We have a great job, but sometimes it sucks! Forget the annoyance of shift work, the heirarchy and long hours – for me the worst part of the job is when we find something nasty, or have a poor outcome – giving bad news to nice people is never easy. Why? well it goes back to the type of people we medicos are ‘on average’. We are usually pleasant, we like to make others happy, ease suffering and get good results – this is one scenario where none of these is likely to occur. So how do I think about “giving bad news”?
There are a lot of teachings out there, and anyone who has done any GP training will have had this drilled into them throughout their training. In Australia you can be guaranteed that you will get a “bad news” case on your fellowship clinical exams. So here is a case and my “rules” for being good at bad news.
You are in your office checking your emails when the radiographer calls you to say she needs help….She has been doing a 19/40 anatomy US on a nice young lady with her husband watching to catch a glimpse of a face or a gender. All seemed well, until the radiographer realised that this baby had no brain – it is anencephalic. It is a small town – the radiographer plays netball with the expecting mother and cannot hold her poker face. She stops scanning and tells her she is going to find a doctor to get a second opinion. This is when she called you.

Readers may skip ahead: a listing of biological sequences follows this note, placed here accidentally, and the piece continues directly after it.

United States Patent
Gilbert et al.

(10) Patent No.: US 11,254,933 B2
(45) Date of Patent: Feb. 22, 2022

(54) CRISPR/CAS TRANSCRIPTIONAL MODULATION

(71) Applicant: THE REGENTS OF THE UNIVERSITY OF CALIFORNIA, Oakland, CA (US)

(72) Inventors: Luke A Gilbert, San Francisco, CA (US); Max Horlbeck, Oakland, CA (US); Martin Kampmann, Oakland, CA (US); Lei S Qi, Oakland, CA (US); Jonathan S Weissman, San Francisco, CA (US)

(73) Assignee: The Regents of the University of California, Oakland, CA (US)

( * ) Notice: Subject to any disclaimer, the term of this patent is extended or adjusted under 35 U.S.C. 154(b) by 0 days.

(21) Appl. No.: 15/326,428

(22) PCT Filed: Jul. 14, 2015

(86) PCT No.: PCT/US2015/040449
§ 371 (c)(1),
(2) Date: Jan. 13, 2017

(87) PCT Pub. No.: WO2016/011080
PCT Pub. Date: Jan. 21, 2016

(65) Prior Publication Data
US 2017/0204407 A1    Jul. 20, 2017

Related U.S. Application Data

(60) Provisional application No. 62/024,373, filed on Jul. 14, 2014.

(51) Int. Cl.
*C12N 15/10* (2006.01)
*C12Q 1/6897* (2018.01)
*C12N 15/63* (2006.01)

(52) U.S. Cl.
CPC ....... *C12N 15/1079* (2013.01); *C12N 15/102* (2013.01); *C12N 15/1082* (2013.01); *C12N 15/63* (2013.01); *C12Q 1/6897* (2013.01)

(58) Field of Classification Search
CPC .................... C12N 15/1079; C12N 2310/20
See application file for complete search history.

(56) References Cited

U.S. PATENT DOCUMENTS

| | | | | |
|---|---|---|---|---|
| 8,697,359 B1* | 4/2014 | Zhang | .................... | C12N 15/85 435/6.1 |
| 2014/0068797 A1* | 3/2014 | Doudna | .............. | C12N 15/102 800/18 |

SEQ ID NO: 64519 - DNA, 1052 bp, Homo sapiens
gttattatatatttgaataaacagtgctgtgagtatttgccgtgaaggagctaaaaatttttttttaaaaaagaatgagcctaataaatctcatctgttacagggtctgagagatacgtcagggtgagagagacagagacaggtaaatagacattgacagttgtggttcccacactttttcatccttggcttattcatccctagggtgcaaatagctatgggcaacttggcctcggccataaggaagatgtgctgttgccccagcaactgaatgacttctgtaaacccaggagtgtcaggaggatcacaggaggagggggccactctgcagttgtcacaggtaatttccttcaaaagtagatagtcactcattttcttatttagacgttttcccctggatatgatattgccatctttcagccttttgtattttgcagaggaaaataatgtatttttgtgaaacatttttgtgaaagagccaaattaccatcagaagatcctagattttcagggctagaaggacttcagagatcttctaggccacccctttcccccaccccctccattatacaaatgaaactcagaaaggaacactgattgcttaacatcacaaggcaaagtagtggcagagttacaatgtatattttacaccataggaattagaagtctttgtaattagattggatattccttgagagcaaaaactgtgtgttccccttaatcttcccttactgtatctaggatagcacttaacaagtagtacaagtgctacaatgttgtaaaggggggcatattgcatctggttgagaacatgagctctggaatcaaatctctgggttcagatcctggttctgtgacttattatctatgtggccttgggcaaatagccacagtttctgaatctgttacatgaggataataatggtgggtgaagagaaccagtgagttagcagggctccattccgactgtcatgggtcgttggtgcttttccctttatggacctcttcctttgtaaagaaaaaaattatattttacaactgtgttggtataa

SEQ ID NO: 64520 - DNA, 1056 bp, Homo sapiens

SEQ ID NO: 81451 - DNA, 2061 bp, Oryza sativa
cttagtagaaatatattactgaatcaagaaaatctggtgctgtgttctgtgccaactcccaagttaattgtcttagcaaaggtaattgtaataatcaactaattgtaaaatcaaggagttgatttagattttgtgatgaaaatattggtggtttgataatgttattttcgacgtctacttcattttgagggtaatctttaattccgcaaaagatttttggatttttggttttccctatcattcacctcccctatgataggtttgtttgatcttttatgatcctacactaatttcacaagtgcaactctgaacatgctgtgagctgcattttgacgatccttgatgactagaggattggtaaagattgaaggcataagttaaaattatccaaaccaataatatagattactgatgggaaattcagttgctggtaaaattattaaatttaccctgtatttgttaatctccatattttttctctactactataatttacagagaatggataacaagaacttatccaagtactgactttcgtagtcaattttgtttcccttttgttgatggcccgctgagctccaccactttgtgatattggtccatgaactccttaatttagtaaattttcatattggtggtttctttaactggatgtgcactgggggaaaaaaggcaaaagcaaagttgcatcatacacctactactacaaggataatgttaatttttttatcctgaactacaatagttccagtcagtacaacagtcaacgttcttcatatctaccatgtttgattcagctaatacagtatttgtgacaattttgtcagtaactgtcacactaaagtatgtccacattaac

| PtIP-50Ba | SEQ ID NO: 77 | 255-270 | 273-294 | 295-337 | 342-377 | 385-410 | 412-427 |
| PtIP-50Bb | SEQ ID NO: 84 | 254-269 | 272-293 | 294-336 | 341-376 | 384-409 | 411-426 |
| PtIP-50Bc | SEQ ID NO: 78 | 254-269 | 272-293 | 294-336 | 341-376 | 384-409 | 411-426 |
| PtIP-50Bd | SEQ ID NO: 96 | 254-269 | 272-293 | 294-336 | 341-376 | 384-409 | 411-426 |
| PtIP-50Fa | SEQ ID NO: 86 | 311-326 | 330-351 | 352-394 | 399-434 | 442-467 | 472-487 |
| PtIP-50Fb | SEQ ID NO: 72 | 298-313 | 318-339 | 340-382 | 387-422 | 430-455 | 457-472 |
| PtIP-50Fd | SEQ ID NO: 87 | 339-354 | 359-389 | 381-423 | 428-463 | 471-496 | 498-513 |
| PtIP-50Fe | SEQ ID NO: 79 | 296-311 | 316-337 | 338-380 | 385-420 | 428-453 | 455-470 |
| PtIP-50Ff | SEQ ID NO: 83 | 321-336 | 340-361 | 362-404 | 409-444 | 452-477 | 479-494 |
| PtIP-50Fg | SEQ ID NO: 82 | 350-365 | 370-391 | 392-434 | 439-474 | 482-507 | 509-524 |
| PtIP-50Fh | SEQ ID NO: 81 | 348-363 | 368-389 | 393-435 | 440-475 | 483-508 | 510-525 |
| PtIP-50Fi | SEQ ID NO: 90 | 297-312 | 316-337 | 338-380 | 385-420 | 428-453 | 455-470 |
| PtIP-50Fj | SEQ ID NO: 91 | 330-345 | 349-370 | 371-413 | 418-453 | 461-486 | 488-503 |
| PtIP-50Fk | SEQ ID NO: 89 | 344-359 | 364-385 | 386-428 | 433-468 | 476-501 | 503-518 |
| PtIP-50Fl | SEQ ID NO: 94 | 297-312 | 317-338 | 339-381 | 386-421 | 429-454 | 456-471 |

If you are like me – you know what this means, but the exact logistics of dealing with anencephaly are well beyond my scope of practice. I need help and will be calling my local ObGyn for advice. However, the young couple are aware that something is wrong. You need to talk to them and provide counsel – so how to do this in real terms…
Here are my rules:
This might mean doing some research or asking for specific specialist advice – but you have to know. If you are unsure – you know that will be the first question they ask – and you need to be able to provide clear and concise counselling. This is not the time for ummm or errs – the patient needs clarity and a direction. Any vague responses will likely provoke anxiety and confusion in a person who is already having the worst day of their life.
You do not need to have encyclopedic knowlege – but you should be able to provide clear and accurate information now, today! So take a few minutes – call someone who does know and get the facts straight in your noggin
Beware that some folks will have a dramatic response – crying is normal, butI have seen a few people have syncope and prolonged, almost catatonic responses – so it is helpful to have a bed or somwhere the patient can lay down if the need arises.
- Talking to somebody alone is not advised – they need a support person to help them through and share the experience. Sometimes even to get them home safely.
- If an important family member or person is not there – they will likely get the message indirectly and inaccurately – this will lead to tension, misinformation and sometimes anger
The use of subtlety or pleasant euphemism is not allowed – that is about you wanting to avoid the unpleasant nature of the conversation. In order to do this right you will probably feel uncomfortable – that is your problem – not the patient’s!
OK – that is my simple approach to the delivering of bad news. Do you have any pearls or strategies that you have found useful in your practice? Let me know
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